Rural Geography Types of farming
Types of farming • Extensive arable farming • Shifting cultivation • Intensive peasant farming
Extensive arable farming- commercial farming • The Prairies and Great Plains • Land taken from the Indians and the North American bison • Settled by land-hungry Europeans, often religious or economic refugees • Farming methods practised were rooted in European farming
Main Characteristics • Carried out on very large holdings in areas where population density is low • High reliance on technology • Relatively low yields, however, this is compensated for by the very large areas under production • Minimal human input, but decisions taken by farmers are of great importance.
Many successes • Extensive farming produced a lot of food • Grain was exported to Europe • Canada and the United States became prosperous countries • Farm prices were high in the first 2 decades of 20th century • Main problem was overproduction
Extensive cereal production • The soils were naturally fertile chernozems • The farmers didn’t understand the climate, particularly rainfall variability • In the 1930’s the disastrous ‘Dust bowl’ was created due to inappropriate farm techniques • The soil conservation methods which were introduced have been copied all over the world
The System • Income from outputs exceeds cost of inputs = PROFIT investment in farm business growth of business • Cost of output = cost of input = STABILITY • Cost of input exceeds cost of output = LOSS Lack of investment Stagnation and decline in farm business • Physical • Human • Economic/ • Political • Decisions made by farmer or farmers in a cooperative • Farm plan Crops, seeds, foodstuffs or livestock
Climate • Copy the climate graph from the book
Early 20th Century • Drought meant that homesteads did not survive • Improved agricultural technologies allowed them to cope • The new steel plough, disc harrow etc • Pumps and windmills • Barbed wire for fences • New strains of fast growing spring wheat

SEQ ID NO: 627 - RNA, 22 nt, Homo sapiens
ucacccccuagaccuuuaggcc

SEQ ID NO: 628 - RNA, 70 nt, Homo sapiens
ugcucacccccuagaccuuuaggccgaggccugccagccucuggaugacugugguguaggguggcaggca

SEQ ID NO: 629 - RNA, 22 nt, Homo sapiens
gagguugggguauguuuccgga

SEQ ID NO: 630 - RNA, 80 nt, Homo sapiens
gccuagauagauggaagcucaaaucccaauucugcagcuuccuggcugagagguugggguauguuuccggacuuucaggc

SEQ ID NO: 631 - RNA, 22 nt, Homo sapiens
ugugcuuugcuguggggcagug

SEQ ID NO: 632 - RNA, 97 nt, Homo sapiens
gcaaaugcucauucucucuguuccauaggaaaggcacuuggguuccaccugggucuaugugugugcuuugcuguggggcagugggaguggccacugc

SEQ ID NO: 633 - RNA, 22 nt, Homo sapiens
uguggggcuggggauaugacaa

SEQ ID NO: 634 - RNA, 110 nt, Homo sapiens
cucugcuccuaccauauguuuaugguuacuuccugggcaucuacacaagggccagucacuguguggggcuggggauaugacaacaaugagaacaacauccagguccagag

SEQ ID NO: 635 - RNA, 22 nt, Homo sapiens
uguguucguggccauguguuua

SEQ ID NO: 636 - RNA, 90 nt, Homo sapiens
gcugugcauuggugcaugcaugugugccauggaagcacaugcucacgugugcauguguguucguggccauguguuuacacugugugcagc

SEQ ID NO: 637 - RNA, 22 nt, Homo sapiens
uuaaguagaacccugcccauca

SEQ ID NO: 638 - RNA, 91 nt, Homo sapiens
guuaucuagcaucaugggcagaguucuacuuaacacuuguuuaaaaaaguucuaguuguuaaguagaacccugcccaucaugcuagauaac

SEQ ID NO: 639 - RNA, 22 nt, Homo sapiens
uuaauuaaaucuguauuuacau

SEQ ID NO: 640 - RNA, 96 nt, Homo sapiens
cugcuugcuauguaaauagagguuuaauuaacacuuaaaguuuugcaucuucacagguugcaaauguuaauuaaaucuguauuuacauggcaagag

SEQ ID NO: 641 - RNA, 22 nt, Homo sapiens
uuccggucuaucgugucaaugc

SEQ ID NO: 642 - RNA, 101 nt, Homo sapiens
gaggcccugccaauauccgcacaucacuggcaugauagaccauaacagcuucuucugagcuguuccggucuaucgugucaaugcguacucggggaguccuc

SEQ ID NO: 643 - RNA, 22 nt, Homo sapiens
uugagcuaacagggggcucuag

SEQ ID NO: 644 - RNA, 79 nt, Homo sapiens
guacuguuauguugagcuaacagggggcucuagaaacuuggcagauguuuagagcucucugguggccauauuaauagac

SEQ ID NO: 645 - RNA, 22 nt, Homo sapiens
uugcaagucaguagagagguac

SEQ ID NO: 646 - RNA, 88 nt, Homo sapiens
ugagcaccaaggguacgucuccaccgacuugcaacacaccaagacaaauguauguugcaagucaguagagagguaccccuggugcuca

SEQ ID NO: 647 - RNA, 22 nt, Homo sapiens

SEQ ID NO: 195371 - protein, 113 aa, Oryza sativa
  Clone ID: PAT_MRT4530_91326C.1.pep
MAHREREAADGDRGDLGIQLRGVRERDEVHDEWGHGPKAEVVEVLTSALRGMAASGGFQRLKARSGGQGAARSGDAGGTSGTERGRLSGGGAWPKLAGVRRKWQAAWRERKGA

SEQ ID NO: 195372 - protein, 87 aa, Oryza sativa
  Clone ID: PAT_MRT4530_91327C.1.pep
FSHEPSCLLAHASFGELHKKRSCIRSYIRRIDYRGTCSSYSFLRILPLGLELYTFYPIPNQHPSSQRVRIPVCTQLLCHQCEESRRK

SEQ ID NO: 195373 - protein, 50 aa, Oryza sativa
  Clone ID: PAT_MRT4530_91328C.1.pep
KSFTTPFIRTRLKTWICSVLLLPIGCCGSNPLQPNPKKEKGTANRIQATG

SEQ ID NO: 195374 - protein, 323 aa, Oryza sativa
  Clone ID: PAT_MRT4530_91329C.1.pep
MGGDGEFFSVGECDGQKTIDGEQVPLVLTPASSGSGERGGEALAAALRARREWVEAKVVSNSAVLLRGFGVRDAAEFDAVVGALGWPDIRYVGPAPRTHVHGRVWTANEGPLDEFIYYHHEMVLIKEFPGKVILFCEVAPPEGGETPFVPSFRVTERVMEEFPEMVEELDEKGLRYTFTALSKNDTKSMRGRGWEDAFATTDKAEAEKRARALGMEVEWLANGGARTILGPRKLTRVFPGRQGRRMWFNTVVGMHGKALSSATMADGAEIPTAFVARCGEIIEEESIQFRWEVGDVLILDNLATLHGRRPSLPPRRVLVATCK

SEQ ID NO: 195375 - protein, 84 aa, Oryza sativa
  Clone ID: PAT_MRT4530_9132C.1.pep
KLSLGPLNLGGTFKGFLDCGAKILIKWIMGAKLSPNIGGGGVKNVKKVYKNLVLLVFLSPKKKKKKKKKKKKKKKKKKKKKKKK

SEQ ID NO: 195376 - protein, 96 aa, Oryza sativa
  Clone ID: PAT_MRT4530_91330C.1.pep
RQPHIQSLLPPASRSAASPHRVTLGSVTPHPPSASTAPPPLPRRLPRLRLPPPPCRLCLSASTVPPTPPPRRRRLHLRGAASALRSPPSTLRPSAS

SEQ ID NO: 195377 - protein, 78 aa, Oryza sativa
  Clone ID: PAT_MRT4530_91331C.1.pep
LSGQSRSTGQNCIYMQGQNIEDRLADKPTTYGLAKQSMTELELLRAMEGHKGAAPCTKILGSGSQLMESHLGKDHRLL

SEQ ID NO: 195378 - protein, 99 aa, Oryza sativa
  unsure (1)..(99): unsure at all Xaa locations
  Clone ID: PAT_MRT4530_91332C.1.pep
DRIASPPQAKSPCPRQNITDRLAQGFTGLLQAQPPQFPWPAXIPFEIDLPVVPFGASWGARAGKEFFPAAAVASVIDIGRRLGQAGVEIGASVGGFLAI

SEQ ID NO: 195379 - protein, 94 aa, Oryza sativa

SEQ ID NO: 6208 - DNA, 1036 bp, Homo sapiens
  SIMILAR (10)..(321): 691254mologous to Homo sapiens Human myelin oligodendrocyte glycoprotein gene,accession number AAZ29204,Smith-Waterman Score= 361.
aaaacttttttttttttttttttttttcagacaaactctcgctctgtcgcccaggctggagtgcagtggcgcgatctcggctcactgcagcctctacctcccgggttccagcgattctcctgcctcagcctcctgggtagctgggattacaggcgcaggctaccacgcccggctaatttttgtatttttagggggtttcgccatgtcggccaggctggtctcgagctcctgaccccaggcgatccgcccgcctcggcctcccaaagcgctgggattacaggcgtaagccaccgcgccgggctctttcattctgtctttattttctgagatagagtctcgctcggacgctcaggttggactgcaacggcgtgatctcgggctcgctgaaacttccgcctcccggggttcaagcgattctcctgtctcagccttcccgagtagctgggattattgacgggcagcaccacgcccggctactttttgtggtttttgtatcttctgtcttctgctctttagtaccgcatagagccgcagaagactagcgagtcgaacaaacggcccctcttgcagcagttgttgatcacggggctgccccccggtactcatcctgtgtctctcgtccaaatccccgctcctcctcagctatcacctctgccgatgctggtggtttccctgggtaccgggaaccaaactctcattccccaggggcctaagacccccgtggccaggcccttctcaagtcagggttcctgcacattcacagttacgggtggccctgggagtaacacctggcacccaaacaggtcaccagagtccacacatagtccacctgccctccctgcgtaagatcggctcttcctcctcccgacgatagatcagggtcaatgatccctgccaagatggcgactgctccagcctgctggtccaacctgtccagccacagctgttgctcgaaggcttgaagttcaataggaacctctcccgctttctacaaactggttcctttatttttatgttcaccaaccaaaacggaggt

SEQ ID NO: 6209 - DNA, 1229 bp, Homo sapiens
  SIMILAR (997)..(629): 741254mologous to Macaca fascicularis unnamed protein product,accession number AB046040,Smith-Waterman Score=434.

The Dust Bowl • In the 1920’s/30’s, there was an increased rate of soil erosion in the southern part of the Great Plains, which lead to the area becoming a “dust bowl”. • Rural depopulation increased and as a result, farm sizes increased, making them more extensive.
Late 20th Century • Continued rural depopulation lead to ever increasing steading sizes. • Dependence on technology increased • Output soared as new strains of wheat were developed, and more land was being used for production. • Irrigation was expanding, allowing more land to be used for production. Aquifers like Ogallala depleted rapidly. • Soil erosion continued to be a problem and the following strategies were introduced.
Soil conservation measures • Contour ploughing • Strip cultivation • Wind breaks • Planting or flooding gullies • Leaving stubble or roots of crops in the fields
Decline post WW2 • Farms became bigger and small farms consolidated as agribusiness took over • Many farmers left the land for the cities • Production became dependant on oil-for machines, for fertiliser, for plastics
Agriculture fights back • New crops grown e.g sunflowers • Mixed farming traditional communities ( Hutterites are a religious group originating in 1528 during the Reformation. Hutterites live communally in rural North America) • Organic farming • Return of natural gazing and bison in some areas • Processing plants to add value eg. Making pasta
Shifting Cultivation - Introduction • This type of agriculture involves the people “shifting” around in order to grow crops. • An area of land is cleared by “slash and burn” techniques, and then cultivated. • Once the soils have been exhausted, the tribe moves on and repeats the process in another area of forest.
Mainly confined to the humid tropics • Growing season is continuous due to consistent temperature and rainfall • Main problem is the dense vegetation, and when cleared, the poor soils
These areas have a low population density (like in extensive commercial) but for different reasons... • The rainforest is very isolated, with poor communications and a lack of economic development • The inability of shifting cultivation to support a large population. Techniques simply cannot support large numbers of people. • Disease can be an issue, introduced by white men. Malaria is endemic, and measles, whooping cough and chicken pox also infect native people. Influenza is a major hazard.
The Farming Process • Human input and the output is relatively small. • Cultivation is possible all year round due to the climate (copy climate graph from book). • Cultivation is done by hand, no machines are used. It could be thought of as a large scale “garden”. • Shifting cultivation is sustainable (although a large area is needed to make it possible). (see extract from book p.255)